Falcons’ mindfulness training is paying dividends

Falcons head coach Dan Quinn gives wide receiver Justin Hardy a hug after his touchdown reception against the Cowboys Sunday, Nov. 12, 2017, in Atlanta.

Credit: Curtis Compton

Credit: Curtis Compton

Falcons head coach Dan Quinn gives wide receiver Justin Hardy a hug after his touchdown reception against the Cowboys Sunday, Nov. 12, 2017, in Atlanta.

For Falcons coach Dan Quinn, teaching the intricacies of the X’s and O’s of football is not the only important part of preparing his team for NFL games.

In addition to learning the plays and getting in physical condition, the preparation of the brain to be successful is also very important.

It’s the psychological side of football that allows a team to perform at its peak level. It’s a page that Quinn borrowed from his mentor, Seahawks coach Pete Carroll.

Quinn’s quest into mindfulness training will be on the display when the Falcons (9-5) play the Saints (10-4) with a chance to earn playoff berth at 1 p.m. Sunday at Mercedes-Benz Superdome.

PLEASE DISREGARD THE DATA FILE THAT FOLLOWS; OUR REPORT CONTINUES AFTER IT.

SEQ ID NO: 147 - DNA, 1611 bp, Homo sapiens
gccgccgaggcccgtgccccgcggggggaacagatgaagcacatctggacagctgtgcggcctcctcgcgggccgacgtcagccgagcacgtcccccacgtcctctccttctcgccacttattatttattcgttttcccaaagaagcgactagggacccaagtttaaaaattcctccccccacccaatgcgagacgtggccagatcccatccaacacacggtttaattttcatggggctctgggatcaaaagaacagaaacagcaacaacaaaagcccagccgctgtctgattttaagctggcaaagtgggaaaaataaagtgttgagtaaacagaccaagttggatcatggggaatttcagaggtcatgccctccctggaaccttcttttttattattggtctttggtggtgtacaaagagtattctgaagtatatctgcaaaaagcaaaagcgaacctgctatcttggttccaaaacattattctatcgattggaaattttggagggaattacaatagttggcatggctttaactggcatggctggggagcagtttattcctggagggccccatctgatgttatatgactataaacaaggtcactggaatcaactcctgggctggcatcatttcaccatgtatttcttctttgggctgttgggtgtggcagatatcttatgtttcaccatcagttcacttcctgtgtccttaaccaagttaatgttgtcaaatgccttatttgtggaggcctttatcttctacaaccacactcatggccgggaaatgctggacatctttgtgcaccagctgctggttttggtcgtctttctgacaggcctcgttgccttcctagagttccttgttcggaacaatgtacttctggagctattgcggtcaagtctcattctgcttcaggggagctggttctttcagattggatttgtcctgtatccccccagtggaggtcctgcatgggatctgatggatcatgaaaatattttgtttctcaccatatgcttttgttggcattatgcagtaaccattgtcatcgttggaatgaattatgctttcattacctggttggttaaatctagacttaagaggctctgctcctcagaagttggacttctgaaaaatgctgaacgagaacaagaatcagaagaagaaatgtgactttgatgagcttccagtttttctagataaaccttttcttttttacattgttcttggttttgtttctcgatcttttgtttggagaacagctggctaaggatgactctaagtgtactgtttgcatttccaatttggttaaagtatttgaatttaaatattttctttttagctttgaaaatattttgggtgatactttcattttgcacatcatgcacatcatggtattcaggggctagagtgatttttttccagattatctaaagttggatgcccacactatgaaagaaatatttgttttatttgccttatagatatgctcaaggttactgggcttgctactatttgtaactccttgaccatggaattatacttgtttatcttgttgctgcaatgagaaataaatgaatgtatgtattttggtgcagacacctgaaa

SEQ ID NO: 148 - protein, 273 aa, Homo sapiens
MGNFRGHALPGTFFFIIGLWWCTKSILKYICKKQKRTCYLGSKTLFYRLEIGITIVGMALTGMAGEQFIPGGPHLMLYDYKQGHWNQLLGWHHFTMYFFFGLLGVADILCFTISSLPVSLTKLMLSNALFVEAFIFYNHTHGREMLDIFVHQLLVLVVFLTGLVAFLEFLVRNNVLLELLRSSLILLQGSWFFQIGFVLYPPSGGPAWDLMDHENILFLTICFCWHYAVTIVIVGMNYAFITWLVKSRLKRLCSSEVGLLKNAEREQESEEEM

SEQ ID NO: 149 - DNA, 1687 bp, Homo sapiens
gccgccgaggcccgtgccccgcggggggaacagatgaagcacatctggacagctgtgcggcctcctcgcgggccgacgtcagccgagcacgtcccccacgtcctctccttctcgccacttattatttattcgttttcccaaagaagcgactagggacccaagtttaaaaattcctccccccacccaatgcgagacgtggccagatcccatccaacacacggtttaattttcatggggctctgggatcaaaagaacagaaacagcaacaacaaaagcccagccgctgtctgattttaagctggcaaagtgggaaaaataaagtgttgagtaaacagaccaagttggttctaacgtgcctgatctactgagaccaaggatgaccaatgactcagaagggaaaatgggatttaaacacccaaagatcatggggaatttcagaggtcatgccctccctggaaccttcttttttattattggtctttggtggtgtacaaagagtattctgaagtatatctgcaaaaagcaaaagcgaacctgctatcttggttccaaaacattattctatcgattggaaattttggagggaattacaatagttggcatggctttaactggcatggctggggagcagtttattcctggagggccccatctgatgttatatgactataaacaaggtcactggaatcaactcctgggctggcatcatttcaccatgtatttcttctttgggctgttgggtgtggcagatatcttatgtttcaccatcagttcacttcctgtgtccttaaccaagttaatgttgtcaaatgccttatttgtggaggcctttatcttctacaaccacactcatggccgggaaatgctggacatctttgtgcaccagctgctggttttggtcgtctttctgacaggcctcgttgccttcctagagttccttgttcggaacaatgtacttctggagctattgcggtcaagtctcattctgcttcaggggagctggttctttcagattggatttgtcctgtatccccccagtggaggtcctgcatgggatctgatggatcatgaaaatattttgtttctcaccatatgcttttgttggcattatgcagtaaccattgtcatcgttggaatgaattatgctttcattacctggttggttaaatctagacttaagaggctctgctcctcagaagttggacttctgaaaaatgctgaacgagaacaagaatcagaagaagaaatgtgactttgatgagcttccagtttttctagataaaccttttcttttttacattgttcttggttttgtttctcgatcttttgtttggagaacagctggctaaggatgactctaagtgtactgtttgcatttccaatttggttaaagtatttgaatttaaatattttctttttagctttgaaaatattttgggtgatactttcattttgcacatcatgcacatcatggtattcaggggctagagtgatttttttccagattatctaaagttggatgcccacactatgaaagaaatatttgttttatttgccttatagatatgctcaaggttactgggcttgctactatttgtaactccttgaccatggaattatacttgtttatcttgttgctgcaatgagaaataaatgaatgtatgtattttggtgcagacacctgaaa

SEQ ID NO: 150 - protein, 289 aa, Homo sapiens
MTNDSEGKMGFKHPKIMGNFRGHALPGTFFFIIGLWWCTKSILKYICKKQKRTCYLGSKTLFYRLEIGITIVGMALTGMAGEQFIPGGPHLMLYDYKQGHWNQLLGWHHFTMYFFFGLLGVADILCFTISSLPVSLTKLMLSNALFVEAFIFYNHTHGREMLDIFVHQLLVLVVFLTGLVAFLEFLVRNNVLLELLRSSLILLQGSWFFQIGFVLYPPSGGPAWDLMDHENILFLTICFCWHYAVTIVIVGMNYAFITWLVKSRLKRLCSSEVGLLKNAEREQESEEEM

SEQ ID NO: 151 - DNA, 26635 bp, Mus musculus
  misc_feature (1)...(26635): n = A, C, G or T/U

“I think the guy who probably was a mentor to me, had the biggest impact on me, was Pete Carroll,” Quinn said in an interview with The Atlanta Journal-Constitution. “He was probably the first coach that really talked to me about mindfulness and staying just right into it.”

Under Carroll, the Seahawks have a high-performance psychologist Michael Gervais. Carroll used a coaching style and philosophy that used mind training and asked players to reach inside of themselves in order to maximize their talents.

He went to Quinn, when he was the defensive coordinator in 2013, and asked him to become more mindful with his coaching and play calls.

Quinn, through a firm called Vision Pursue, has embraced the method and has his team trained in the concepts of mindfulness and meditation.

“As I developed my own philosophy and made sure we could just own this process today,” Quinn said. “That’s really, why we go through this process, Monday is tell the truth (day). The focus behind that is to clear (the air). Get the bad out. The good out.

“We don’t’ really have like ‘Victory Mondays.’ Where you go take off and we’ll see you Wednesdays. What we do is we come and we talk about what went wrong. Here’s what didn’t. What did we gain from it? What we didn’t gain? From there, I want them to clear it and move on to the corrections.”

The players have embraced the training which has the focus on the present.

“What can you do today,” center Alex Mack asked. “What can you do this week? Worry about the opponent that’s in front of you.”

The Falcons have won six one-score games this season. Late field goal misses at Seattle (34-31) and Tampa Bay (24-21), a goal-line stand at Chicago (23-17) and 10-second run-off game in Detroit (30-26). The Falcons also prevailed over New Orleans (20-17) with a game-saving interception with 1:25 to play and then eased by the New York Jets (25-20).